Group work is typically very difficult for students. It is time for us to really open up the group research “black box” and assess the “process” of individual participation in group research. That will help students learn how to collaborate and grow with others.
Below you will see the results of students’ feedback on group research in a small Grade 10 classroom. You can say that half of the groups relied on a single student to do the research, either because that was the hard working student, the smart student or because others were working only on technical details like finding images and creating a nice looking presentation. There were groups that seem to have split the research work to get organised and others that seemed to have a more organic type of work. You can also see below, students’s suggestions on how to improve individual participation in group research.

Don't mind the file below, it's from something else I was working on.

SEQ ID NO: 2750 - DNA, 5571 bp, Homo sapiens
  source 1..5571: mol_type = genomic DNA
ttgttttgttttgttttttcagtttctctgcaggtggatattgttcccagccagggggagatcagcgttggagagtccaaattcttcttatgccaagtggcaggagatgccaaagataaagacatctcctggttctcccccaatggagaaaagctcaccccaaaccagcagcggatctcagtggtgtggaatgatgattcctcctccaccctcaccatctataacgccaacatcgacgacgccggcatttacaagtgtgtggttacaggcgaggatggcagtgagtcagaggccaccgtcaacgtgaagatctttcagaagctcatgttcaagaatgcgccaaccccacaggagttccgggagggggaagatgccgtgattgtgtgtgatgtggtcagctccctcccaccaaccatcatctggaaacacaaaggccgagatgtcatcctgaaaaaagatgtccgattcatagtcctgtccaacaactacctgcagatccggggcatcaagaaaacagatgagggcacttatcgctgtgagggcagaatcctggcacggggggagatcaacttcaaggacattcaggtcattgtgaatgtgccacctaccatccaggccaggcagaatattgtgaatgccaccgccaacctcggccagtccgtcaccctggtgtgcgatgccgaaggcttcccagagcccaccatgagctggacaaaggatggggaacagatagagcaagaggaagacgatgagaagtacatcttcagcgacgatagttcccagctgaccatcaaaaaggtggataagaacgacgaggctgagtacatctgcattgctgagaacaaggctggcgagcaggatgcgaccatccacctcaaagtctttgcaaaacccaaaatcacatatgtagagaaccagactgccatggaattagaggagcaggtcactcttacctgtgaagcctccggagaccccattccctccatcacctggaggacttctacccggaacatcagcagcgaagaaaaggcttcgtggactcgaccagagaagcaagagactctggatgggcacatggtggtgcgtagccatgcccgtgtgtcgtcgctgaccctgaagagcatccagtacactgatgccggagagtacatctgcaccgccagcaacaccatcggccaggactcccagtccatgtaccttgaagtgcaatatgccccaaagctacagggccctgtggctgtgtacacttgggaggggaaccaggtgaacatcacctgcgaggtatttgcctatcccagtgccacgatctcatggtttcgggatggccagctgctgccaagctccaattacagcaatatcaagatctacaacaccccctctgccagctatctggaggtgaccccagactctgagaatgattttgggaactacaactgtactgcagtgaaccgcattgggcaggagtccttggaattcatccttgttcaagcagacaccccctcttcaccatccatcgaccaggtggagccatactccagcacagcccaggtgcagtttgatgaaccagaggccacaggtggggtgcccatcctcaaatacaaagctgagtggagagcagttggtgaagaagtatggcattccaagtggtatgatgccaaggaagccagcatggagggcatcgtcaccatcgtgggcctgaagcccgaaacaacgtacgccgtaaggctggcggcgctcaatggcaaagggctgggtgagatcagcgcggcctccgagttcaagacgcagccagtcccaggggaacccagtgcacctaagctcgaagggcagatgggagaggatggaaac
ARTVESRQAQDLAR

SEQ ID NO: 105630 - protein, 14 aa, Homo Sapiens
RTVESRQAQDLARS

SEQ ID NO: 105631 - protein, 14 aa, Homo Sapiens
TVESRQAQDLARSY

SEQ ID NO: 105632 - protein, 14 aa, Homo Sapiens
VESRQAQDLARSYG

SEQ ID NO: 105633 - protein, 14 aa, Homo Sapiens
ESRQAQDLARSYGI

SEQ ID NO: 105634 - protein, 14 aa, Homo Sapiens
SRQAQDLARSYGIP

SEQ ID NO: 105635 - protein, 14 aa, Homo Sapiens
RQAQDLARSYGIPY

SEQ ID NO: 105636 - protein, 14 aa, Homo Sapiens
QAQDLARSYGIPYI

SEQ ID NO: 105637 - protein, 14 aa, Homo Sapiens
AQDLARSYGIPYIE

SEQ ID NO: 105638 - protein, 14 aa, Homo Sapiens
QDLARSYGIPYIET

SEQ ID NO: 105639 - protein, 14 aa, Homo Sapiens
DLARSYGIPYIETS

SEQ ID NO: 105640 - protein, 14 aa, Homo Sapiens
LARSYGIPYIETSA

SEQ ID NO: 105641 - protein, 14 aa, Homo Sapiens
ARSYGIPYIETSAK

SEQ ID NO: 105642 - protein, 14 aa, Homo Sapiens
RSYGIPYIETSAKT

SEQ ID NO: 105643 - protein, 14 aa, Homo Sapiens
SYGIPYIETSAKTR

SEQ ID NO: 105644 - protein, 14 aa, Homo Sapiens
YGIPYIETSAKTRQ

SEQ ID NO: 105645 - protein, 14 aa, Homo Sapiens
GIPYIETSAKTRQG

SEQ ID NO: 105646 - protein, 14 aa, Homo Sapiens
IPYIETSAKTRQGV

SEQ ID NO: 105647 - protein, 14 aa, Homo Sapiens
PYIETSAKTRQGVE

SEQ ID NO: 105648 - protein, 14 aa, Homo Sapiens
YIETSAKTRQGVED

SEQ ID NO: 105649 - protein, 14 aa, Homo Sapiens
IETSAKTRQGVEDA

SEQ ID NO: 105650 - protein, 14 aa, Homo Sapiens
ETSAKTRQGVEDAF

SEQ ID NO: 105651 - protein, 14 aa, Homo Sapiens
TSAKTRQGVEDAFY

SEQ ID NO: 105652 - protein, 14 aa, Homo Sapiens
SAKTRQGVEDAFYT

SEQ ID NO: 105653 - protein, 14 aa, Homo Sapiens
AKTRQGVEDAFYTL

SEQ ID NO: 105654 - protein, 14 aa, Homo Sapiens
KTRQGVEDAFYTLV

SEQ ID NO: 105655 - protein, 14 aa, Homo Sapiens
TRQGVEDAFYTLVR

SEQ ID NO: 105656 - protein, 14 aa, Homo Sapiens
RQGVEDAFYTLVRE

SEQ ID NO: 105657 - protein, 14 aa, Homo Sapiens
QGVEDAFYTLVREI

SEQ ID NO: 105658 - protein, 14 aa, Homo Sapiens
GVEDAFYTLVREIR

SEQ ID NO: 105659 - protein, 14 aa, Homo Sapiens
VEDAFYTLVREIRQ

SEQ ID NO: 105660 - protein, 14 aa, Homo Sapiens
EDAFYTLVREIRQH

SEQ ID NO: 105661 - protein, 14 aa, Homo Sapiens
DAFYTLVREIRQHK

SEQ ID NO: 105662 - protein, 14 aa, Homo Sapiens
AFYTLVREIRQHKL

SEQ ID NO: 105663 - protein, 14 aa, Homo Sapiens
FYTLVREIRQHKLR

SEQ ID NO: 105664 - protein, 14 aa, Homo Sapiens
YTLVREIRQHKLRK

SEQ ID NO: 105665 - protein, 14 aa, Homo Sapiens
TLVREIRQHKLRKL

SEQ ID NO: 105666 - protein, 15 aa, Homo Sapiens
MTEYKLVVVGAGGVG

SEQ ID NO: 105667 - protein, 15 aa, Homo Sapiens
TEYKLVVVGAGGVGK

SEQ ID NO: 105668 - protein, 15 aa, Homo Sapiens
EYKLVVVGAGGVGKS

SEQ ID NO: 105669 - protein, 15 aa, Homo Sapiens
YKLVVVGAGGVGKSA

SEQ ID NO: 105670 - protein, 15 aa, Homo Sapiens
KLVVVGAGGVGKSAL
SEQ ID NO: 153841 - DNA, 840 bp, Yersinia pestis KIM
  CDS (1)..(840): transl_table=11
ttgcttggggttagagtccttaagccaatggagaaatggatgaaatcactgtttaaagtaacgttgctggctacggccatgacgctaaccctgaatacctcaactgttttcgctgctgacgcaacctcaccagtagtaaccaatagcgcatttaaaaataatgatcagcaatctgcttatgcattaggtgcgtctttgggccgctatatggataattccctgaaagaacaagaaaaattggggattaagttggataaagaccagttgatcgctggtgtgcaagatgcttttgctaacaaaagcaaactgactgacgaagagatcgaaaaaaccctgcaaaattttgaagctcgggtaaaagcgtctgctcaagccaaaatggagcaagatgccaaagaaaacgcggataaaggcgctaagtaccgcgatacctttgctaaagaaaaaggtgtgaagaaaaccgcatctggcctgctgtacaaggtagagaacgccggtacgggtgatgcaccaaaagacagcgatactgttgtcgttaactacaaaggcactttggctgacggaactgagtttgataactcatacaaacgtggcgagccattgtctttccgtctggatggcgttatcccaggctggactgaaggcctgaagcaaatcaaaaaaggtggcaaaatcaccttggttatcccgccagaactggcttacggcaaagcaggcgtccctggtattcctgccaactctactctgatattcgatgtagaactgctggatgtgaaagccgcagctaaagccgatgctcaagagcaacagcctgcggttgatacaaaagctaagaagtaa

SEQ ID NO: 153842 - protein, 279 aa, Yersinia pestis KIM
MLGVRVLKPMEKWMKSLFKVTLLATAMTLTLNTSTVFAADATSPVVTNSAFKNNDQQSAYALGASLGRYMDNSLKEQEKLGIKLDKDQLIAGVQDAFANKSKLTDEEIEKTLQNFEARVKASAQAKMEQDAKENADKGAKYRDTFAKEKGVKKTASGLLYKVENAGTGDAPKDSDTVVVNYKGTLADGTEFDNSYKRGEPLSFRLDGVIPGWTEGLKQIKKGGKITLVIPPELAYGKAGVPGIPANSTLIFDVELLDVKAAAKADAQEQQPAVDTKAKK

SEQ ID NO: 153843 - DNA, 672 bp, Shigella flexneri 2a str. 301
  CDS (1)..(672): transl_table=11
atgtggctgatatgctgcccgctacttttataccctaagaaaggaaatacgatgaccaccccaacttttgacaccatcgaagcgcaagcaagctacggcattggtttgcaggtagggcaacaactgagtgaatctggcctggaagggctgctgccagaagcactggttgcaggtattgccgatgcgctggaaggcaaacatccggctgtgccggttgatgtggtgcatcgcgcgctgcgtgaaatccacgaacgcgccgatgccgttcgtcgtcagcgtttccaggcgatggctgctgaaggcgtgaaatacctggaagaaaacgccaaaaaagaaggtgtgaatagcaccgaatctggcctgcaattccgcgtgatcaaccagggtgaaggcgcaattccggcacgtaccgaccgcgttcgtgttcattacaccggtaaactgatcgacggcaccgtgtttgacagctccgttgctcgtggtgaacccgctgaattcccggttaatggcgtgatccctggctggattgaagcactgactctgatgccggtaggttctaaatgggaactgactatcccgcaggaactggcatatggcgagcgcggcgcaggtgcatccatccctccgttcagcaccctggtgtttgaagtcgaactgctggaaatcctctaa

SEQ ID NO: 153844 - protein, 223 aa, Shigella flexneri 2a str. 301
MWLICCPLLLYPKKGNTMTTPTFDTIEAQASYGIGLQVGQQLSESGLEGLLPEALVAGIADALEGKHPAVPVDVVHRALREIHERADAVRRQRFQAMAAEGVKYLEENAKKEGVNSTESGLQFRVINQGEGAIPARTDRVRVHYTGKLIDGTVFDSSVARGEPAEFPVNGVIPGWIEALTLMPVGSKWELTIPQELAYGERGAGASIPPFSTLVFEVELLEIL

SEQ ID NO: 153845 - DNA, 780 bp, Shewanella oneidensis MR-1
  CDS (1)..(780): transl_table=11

In order to help students self-assess their contribution to group research, I created the following rubric. This rubric is based on my experience on Sophomore research projects. As part of my own collaborative work, as I created this first draft of the rubric, I shared on my Twitter for feedback and also met with the Librarians in my school so we could align language.
As part of collaborative work on this rubric, I also had a Facetime conversation with Silvia Tolisano (@langwitches). As always, Silvia was able to synthesise what I was saying and not only provide feedback but also come up with some really good terminology to capture the main ideas. She then created the awesome sketchnote below with those terms, for which I just added the idea of “self-adjusting”. Thank you Silvia for the amazing feedback! We cannot move far if we work alone!
So based on Silvia’s sketchnote, I revised my initial Rubric, so it became a description of the terminology: Curate, Share, Sel-Adjust, Feedback, Add Value.
The following Infographic provides a visual for the different Levels of individual participation in group research, and how students can move from “cooperation” to true “collaboration”.
This is a cross post from silvanameneghini.com